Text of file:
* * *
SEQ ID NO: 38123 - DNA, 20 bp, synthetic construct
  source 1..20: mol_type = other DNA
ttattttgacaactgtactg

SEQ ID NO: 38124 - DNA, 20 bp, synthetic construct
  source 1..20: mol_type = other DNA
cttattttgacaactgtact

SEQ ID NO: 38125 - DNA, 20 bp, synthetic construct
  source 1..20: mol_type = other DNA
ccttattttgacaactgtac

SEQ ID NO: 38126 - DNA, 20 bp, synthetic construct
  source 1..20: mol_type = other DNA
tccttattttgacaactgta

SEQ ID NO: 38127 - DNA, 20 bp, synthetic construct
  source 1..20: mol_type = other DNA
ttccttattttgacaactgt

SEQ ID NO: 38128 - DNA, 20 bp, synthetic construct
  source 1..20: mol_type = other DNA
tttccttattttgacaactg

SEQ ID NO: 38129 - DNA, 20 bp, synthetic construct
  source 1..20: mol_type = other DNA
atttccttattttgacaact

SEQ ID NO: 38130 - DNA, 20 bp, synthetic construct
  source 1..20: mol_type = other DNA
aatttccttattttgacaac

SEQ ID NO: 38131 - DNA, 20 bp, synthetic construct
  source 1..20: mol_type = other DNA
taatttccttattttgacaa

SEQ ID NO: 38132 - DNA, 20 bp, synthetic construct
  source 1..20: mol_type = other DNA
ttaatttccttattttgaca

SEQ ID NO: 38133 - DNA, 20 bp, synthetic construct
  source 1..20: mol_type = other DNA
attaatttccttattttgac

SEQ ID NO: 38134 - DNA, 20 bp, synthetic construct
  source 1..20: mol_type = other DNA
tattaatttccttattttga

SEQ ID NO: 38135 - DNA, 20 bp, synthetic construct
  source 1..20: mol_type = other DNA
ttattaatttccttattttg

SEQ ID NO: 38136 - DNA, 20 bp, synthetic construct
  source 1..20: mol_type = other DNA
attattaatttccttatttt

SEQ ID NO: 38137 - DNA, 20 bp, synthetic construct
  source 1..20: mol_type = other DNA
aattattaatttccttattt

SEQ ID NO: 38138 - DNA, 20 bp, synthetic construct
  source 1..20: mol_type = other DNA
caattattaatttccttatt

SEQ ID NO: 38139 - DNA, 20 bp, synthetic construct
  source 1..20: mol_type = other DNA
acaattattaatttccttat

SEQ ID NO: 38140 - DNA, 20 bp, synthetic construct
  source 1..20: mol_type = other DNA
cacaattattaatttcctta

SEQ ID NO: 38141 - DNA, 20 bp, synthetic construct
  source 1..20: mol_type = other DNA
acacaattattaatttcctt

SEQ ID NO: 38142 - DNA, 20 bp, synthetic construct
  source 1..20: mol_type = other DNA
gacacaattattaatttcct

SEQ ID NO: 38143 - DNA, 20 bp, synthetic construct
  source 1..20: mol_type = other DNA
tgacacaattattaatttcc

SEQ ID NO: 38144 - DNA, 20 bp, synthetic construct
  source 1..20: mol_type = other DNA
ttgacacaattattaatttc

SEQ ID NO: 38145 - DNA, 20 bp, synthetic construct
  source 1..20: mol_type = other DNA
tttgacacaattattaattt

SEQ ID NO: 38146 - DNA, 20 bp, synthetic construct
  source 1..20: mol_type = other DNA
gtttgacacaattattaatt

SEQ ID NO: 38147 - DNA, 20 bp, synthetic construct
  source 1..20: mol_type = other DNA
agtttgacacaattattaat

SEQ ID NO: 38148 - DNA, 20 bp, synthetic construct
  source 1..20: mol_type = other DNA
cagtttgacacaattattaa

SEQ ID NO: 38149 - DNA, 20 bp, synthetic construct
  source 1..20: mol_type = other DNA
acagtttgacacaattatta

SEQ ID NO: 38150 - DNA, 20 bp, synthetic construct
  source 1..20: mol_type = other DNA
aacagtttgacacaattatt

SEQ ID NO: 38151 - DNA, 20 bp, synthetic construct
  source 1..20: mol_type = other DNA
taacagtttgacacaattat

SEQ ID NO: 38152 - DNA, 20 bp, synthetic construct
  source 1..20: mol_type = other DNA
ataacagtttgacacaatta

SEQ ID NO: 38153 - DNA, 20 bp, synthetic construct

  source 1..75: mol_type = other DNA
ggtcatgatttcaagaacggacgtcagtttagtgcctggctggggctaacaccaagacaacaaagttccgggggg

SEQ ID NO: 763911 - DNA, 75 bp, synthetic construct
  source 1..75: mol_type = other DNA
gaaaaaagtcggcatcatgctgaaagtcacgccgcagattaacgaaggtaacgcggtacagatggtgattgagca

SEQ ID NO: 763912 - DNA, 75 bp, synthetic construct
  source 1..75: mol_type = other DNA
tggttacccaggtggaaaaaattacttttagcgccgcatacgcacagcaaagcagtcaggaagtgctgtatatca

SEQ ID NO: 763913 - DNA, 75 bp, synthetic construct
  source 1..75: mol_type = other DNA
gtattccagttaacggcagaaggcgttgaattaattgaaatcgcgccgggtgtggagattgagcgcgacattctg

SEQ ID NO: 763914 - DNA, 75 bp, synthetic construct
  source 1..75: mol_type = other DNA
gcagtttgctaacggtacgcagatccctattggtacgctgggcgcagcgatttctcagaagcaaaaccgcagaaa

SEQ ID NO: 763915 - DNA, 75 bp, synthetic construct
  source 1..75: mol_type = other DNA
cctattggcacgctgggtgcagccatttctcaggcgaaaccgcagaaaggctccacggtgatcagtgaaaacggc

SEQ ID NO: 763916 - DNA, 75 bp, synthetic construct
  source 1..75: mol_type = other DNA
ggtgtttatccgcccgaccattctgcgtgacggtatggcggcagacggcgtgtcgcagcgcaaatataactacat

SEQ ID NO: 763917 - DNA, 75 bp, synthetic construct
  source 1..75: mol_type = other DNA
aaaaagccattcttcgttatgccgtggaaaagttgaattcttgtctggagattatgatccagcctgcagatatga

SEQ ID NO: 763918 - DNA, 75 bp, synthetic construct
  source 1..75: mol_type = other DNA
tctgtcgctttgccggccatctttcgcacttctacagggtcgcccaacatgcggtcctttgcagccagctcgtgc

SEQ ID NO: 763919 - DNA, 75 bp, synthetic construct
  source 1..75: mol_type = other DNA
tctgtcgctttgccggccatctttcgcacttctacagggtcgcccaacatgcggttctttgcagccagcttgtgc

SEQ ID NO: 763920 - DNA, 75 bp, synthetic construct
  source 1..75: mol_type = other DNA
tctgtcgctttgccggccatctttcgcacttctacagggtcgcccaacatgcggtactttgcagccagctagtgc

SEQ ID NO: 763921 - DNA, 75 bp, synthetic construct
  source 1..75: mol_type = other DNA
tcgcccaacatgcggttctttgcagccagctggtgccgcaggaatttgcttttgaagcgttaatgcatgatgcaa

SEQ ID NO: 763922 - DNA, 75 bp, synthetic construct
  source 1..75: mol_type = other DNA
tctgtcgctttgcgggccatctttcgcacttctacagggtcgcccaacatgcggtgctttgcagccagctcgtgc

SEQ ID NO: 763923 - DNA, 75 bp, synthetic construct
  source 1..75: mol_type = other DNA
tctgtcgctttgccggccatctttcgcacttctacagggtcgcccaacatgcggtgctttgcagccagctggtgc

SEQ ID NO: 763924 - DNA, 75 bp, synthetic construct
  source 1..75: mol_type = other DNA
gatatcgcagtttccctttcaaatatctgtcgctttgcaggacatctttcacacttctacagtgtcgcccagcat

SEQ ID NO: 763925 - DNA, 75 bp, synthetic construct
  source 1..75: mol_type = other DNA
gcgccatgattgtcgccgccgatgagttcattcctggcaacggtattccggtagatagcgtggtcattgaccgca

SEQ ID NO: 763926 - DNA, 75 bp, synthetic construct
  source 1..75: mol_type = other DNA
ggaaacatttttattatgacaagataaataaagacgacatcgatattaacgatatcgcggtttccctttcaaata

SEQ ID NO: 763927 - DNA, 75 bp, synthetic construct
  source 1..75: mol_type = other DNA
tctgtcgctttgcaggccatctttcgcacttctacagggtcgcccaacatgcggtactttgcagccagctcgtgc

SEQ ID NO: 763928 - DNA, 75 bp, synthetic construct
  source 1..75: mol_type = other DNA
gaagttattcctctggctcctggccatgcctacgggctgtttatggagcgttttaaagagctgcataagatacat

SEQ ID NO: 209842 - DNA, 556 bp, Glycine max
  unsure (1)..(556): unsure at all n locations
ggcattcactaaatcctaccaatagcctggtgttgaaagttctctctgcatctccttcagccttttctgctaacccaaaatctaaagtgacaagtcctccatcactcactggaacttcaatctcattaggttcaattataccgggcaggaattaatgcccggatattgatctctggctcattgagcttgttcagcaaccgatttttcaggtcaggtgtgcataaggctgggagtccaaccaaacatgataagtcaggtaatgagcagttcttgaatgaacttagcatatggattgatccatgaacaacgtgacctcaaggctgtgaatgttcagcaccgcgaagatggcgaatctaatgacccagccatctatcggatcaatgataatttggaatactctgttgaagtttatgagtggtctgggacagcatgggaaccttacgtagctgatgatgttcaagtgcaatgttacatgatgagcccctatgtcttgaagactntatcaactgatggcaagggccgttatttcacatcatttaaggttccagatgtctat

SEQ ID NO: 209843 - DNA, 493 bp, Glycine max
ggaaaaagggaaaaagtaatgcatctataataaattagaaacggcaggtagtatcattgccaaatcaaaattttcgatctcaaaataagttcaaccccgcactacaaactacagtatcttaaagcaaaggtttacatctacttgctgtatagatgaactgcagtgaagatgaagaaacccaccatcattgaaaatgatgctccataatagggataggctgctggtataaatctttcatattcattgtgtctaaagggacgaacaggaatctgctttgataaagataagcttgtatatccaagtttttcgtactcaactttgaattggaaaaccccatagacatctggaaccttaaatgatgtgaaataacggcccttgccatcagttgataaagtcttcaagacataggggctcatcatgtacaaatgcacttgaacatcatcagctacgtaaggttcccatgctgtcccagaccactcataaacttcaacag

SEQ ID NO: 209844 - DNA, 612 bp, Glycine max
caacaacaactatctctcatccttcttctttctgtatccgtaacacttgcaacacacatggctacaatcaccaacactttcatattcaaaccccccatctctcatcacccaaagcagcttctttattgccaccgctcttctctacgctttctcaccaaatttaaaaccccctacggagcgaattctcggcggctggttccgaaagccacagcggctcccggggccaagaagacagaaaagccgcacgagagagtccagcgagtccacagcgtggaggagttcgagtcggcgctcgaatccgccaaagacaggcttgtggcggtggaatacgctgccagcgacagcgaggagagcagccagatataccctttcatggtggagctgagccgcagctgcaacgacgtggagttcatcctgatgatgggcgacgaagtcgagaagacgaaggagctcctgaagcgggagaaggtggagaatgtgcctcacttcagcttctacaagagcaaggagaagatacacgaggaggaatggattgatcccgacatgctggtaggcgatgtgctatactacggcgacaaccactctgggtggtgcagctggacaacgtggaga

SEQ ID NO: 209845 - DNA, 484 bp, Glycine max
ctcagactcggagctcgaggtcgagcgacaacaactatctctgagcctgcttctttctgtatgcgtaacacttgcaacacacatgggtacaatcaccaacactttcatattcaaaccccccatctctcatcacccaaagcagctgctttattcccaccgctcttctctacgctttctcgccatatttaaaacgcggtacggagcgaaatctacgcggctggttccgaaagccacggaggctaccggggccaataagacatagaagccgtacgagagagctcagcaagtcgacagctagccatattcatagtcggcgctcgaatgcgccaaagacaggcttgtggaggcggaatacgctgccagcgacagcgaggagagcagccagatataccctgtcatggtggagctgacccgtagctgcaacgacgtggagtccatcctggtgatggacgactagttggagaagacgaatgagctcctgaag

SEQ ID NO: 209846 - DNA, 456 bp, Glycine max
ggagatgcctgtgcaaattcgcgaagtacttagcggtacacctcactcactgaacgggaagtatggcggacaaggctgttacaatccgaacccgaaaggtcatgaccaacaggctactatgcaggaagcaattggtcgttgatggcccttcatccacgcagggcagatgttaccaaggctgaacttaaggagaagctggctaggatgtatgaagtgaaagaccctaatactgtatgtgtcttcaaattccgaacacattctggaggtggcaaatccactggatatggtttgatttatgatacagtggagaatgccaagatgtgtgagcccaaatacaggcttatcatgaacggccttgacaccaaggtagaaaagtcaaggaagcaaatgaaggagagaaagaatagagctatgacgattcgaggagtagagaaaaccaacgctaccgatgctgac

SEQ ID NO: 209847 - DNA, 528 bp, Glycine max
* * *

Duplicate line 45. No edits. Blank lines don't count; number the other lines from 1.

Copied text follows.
aattattaatttccttattt